Retorts came as the caffeine infiltrated his blood and brain. Easier to think at last, Ed noted a marked difference in the quality of Noah’s messages. The boy had been upset at his parents before but the flagrant frenzy of menace caused concern. Once Ed declared his worry, Noah switched gears and back-pedaled. I’m only kidding, he promised. I’m just angry because I’m tired of being a prisoner in my own home, he assured. And Ed accepted as long as Noah kept his promise to redirect that negative energy into something productive.

An hour plus later saw the completion of Noah’s one-hundred and eighty-degree turnabout. Delight filled the effervescent blue bubbles instead of the previous indignation. When asked what changed his mind, Noah replied with a cagey wisecrack about finally leveling out without help from his medication. The boy always had difficulty convincing him since Ed knew the games of an eighteen-year-old boy starved for attention. Noah won in the end by asking for a ride to his aunt and uncle’s house a half-hour away in Great Falls.

The assurance of proximity to Noah’s literal fountain of youth, knocked reason from Ed’s thought process. Sweet words and even sweeter promises swept enough concern away for him to cave in to the request. Any harm done wouldn’t be on him, Ed concluded at the thought of Noah starting a food fight during turkey dinner. What a laugh.

In person Ed detected a different hazard lurking beneath the surface of Noah’s demeanor from earlier. His hands shook a bit whenever he talked, and an impediment chopped up the fluidity of any sentences he spoke.

“I’m just nervous. I owe you for the ride.” Noah said, placing his jittery hand on Ed’s upper thigh. “I’ve never done this before,” he admitted as he undid Ed’s belt, zipper and fly.

Another fib, Ed thought as the boy expertly withdrew his dick and eventually his substance.

The few minutes between finishing and reaching their destination among the mansions of Great Falls stayed full of conversations about Thanksgiving plans. Ed had none and intended to keep it that way when Noah asked if he wanted to join him. How awkward to show up unannounced as a complete stranger.

“I could tell them you’re coming. They’ve been blowing up my phone since we left.” Noah meant what he said about the extended invitation.

“Why are they doing that?” Ed asked.

“They’re probably worried when I’ll show up. If I show up.” “You told them you were on the way, right?”

“Kinda.”

The two syllables floated in an air of eerie distrust. Ed rolled the window down to clear the atmosphere but that only made the space in the car colder. One minute away, Ed noted to himself after a glimpse at the phone’s GPS.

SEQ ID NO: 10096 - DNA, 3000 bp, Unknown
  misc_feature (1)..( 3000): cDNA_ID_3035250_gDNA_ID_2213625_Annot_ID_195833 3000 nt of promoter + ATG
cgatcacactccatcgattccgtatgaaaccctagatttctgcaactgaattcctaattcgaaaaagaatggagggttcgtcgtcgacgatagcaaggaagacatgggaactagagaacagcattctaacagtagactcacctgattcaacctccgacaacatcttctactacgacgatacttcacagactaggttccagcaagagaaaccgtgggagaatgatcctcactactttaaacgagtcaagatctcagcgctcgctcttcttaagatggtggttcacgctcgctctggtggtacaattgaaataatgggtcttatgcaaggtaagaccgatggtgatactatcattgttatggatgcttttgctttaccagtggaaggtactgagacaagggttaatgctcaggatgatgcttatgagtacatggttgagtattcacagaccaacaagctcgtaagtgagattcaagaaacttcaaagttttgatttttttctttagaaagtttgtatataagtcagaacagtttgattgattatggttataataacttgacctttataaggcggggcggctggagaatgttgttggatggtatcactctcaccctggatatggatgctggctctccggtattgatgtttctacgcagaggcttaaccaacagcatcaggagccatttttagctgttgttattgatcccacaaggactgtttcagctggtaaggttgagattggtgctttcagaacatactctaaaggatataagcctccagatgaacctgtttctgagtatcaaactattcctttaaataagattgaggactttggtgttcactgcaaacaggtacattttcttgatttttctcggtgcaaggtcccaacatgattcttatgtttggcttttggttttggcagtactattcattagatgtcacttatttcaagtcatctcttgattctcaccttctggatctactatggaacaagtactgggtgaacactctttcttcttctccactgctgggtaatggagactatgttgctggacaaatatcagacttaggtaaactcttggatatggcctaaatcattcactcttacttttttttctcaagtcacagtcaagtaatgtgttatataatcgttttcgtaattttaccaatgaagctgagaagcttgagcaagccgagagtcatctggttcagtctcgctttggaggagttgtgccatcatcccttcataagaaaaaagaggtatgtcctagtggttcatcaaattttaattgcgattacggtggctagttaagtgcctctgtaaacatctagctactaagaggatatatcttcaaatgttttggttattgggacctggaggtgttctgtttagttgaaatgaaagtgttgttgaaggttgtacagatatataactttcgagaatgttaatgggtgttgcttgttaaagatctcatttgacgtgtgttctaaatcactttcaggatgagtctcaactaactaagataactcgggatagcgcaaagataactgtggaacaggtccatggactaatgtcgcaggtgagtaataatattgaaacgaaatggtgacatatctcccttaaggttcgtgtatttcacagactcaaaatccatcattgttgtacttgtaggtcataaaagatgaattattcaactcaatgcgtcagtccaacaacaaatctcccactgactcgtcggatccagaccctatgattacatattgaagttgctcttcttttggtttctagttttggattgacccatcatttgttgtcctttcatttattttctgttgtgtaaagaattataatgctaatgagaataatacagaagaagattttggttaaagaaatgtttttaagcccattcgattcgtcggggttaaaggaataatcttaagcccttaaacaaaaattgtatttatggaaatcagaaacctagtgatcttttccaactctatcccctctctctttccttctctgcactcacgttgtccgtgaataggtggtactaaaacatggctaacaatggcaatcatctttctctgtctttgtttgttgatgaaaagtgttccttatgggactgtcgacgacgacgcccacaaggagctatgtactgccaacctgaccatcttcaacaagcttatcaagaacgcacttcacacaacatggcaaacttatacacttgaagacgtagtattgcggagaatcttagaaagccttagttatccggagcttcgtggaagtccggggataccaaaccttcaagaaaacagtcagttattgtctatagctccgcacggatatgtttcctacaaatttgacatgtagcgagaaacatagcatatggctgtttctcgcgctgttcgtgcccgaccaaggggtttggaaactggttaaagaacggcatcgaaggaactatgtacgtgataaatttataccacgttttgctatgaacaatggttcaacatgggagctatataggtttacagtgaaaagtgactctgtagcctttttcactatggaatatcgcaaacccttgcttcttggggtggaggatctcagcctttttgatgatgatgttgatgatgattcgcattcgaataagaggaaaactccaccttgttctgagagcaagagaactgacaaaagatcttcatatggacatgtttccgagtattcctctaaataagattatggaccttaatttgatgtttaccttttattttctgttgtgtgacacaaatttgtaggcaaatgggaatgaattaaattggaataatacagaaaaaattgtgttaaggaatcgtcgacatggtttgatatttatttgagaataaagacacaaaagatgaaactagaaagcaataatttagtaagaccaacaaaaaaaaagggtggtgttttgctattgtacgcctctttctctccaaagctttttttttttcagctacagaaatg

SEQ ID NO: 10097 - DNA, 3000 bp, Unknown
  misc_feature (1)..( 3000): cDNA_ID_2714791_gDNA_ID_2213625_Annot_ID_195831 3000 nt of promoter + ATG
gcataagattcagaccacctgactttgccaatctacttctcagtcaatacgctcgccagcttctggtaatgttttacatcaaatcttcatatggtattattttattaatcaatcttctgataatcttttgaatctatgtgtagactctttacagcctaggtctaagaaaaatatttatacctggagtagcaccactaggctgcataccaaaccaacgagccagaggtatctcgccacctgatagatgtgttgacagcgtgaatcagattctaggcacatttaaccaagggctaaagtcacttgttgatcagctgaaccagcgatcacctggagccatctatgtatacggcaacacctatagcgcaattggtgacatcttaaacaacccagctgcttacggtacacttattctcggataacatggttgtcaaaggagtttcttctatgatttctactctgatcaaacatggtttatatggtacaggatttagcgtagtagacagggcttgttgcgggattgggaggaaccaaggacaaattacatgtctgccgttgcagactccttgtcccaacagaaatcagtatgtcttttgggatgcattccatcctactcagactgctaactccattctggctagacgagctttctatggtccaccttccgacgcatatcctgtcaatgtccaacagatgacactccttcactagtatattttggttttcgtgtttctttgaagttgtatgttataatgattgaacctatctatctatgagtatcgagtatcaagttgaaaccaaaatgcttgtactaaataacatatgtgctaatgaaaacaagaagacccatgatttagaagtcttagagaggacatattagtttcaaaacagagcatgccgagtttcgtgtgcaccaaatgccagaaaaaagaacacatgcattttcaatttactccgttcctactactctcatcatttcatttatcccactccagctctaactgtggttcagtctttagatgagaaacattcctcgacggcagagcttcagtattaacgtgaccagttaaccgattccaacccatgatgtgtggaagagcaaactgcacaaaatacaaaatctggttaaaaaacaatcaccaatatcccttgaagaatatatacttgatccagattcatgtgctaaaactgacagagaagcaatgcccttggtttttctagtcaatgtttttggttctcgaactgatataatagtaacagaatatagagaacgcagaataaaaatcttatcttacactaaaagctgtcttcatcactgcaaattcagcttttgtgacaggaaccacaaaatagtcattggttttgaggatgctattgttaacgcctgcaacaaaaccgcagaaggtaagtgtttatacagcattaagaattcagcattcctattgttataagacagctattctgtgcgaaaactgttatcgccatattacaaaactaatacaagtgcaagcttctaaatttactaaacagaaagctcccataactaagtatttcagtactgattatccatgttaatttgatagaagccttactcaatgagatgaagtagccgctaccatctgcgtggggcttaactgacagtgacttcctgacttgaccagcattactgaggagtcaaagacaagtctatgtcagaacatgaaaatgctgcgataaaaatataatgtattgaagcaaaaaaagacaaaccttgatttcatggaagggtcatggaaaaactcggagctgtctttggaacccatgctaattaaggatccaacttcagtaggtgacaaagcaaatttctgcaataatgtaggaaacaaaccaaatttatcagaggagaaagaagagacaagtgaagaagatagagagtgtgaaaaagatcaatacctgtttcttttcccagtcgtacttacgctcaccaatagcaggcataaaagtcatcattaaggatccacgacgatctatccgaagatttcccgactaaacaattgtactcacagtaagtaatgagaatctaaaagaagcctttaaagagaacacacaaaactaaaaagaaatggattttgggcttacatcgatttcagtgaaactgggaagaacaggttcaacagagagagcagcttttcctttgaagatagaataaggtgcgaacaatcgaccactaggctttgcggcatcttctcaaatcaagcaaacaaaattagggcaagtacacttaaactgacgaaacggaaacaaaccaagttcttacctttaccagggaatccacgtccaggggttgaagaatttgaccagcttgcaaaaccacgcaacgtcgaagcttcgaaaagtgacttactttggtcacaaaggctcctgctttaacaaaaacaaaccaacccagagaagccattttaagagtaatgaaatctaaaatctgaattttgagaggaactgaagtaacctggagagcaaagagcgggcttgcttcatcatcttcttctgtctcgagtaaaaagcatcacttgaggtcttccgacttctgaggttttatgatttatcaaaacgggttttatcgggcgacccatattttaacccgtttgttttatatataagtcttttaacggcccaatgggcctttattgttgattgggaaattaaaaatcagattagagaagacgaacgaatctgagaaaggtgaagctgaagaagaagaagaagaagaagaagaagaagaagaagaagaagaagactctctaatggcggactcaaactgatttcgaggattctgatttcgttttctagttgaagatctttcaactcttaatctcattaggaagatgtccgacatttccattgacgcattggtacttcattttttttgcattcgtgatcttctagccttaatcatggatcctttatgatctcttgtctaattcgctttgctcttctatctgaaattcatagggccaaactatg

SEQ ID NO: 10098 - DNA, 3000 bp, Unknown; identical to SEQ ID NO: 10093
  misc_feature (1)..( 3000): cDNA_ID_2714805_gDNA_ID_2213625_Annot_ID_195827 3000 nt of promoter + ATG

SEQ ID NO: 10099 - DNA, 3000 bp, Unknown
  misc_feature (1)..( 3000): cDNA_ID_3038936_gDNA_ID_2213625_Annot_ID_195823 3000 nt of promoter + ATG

Parked one house down, Noah thanked Ed for the lift after keeping the man suspended in an insufferable silence. Noah’s goodbye sounded more like a farewell than a “see you later.” Ed agreed to a hug outside of the car with a reluctant tear nearly escaping his eye. Their heights matched so the embrace felt to both like a perfect fit. Something hard poked into Ed’s belly during the tightest part of the embrace. An alarmed look at Noah’s waist provoked him to blame a belt buckle and apologize. Noah said he hated his family’s dedication to dressing for dinner. Then the stutter returned and the trembling took over his hands again.

“Well,” Noah began, “one more kiss goodbye?” Without waiting for permission he grabbed Ed’s face and kissed him long and deep. Care was taken to keep their waists from meeting. “See?” Noah said, “you’re not useless like you think. You’ve truly made my day. Twice.”

The boy smiled demurely and Ed blushed.

“You’re not useless either, even if you’re Stoopid Childrens,” Ed reminded Noah. “Go. I’ll see you later.”

“More than likely,” Noah replied without hesitation.

Ed watched Noah walk to the gate of the house’s long driveway, type a code or speak into a box, then enter the gates.They closed to swallow him up into a world he truly hated. Forlorn, Ed got in his car and drove home. His head filled with all the matters collected since knowing Noah, their subsequent concerns and wistful regret, and dismissed any forthcoming resolutions as insubstantial without input from Noah. An early bedtime for sure.

Unsure of the compulsion, Ed woke up the next day to watch the news. The Black Friday Wal-Mart fights always entertained, this he knew and looked forward to seeing. But the local news only reported on a murder/suicide in an affluent neighborhood in Northern Virginia. Ed recognized the neighborhood and one of the faces flashing across the screen in sickening HD. Breakfast cereal went soggy by the time he had his fill of the morning news.

A knock on his door led to an interview with the police that cleared Ed of any knowledge or involvement of the crime. And at the end of the examination he felt glad his possible fifteen minutes of fame got cut in half by not being more than an unwitting driver in the crime of the holiday season. Ed still had seven and a half minutes left and who knows how many useful years ahead to ruin however he deemed acceptable. Though he would always be grateful to Noah and the juvenile infatuation that developed, doomed but certain to provide an aftershock lasting for years. Ed never stopped thinking of all the promise squandered to render Noah so tremendously useless with just six loud and quick flashes of light.



A word from the author: "Useless, Useless" is a story about how the feelings of powerlessness experienced by a young gay male and an older gay male, and how they intersect to either inspire or ruin.



Jarrod Campbell is an author living in the Virginia suburbs of Washington, DC. His stories, essays and reviews have appeared online and in print. He is currently working on a new collection of stories, a novel, and a play to be performed in 2023.